Our mind is influential, but it is also influenceable
Our mind has an enormous influence on us – when we are thinking of one thing, it can take our thoughts in an entirely different direction, even totally opposite direction. For example, it can change our thoughts from pure to impure in just one moment.
In the Bhagavad-gita, Arjuna underscores the mind’s fearsome power by comparing the mind to a raging wind (06.34). And Krishna acknowledges Arjuna’s assessment (06.35).
To better understand how the mind influences us, let’s compare it to a powerful software program that integrates the inputs coming from our various senses and displays them for us souls to process. However, just as a program infected by viruses malfunctions, so too does the mind infected by attachments. An attached mind obsesses over particular inputs from particular senses while neglecting other important inputs. Thus, a mind infected by alcoholism thinks only of the pleasure of drinking and not the danger of drunken driving.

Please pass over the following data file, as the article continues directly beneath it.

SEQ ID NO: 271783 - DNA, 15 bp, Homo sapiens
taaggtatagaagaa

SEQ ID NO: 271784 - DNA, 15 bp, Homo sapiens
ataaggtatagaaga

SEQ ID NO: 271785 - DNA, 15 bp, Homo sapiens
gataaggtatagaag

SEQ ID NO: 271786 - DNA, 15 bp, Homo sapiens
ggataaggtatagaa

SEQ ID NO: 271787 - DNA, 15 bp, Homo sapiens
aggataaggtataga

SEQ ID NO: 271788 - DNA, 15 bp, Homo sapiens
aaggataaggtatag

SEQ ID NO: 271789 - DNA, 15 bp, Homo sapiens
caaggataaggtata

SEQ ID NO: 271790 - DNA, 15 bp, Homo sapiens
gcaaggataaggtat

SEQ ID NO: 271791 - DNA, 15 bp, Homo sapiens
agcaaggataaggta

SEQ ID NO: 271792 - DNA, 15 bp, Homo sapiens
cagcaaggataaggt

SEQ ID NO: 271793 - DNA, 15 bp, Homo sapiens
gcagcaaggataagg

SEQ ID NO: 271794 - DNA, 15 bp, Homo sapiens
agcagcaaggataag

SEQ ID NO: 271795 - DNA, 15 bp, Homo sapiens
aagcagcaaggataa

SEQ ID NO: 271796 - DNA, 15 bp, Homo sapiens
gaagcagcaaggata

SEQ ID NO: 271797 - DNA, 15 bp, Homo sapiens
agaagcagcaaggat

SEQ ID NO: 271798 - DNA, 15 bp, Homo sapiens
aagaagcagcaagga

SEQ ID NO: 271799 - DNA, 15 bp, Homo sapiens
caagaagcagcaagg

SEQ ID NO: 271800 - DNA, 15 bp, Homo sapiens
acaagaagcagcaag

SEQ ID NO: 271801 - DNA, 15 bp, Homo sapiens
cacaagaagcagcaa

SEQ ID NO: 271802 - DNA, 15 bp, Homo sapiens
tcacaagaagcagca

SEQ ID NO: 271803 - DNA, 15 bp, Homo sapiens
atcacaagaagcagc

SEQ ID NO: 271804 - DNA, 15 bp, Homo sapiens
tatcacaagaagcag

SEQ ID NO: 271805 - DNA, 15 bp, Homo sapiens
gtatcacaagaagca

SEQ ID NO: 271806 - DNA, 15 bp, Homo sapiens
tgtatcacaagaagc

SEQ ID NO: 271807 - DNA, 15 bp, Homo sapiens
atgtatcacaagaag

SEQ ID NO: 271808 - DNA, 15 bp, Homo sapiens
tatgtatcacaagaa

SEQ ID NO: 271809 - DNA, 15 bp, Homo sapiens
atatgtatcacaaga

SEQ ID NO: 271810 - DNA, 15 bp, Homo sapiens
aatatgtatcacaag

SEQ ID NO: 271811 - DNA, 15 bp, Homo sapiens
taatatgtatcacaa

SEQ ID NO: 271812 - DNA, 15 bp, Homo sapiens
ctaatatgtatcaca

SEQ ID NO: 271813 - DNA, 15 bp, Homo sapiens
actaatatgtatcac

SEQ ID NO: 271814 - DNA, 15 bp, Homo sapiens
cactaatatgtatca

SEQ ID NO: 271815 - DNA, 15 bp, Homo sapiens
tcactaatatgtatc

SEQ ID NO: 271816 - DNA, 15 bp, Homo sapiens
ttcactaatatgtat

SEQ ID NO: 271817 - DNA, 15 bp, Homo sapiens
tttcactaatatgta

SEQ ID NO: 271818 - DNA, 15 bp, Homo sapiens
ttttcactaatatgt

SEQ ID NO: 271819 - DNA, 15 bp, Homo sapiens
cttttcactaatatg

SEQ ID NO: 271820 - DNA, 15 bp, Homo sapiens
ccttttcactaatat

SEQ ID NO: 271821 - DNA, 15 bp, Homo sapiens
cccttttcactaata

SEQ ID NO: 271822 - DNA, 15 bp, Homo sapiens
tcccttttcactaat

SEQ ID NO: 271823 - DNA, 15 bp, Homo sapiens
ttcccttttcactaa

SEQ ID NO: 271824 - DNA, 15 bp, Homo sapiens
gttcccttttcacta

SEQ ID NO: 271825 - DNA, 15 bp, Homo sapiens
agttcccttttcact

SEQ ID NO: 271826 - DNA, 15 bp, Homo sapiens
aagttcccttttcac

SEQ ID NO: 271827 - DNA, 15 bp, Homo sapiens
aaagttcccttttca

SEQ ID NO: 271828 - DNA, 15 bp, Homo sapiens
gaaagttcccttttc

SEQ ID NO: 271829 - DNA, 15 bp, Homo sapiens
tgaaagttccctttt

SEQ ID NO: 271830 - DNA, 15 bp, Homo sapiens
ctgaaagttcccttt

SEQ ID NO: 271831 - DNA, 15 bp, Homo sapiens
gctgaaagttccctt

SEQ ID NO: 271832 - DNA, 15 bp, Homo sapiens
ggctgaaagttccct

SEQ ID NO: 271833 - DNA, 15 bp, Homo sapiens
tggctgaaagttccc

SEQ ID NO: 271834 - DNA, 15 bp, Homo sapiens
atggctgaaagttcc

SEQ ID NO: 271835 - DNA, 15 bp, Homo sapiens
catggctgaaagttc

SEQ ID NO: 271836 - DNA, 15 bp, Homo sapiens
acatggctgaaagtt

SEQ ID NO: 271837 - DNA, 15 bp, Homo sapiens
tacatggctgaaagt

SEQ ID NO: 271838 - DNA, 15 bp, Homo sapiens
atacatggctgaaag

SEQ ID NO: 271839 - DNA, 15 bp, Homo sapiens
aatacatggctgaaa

We can’t avoid the mind’s influence on us, but we can change the kind of influence it has on us. How? By changing what influences it, for it is also influenceable. What influences the mind? Its experiences. The mind’s past experiences have shaped its conceptions of happiness, which determine how it influences us. If we can get it to experience a higher happiness that differs from its current conceptions of happiness, it becomes positively influenced.
The best way to influence the mind positively is by bhakti-yoga practice, for such practice connects us with the reservoir of happiness, Krishna. That fulfilling connection gradually helps the mind understand that absorption in Krishna is more relishable than the most enjoyable worldly object. The Bhagavad-gita (07.01) confirms that bhakti-yoga practice makes the mind attached to Krishna.
A divinely attached mind becomes our friend, influencing us positively instead of negatively.
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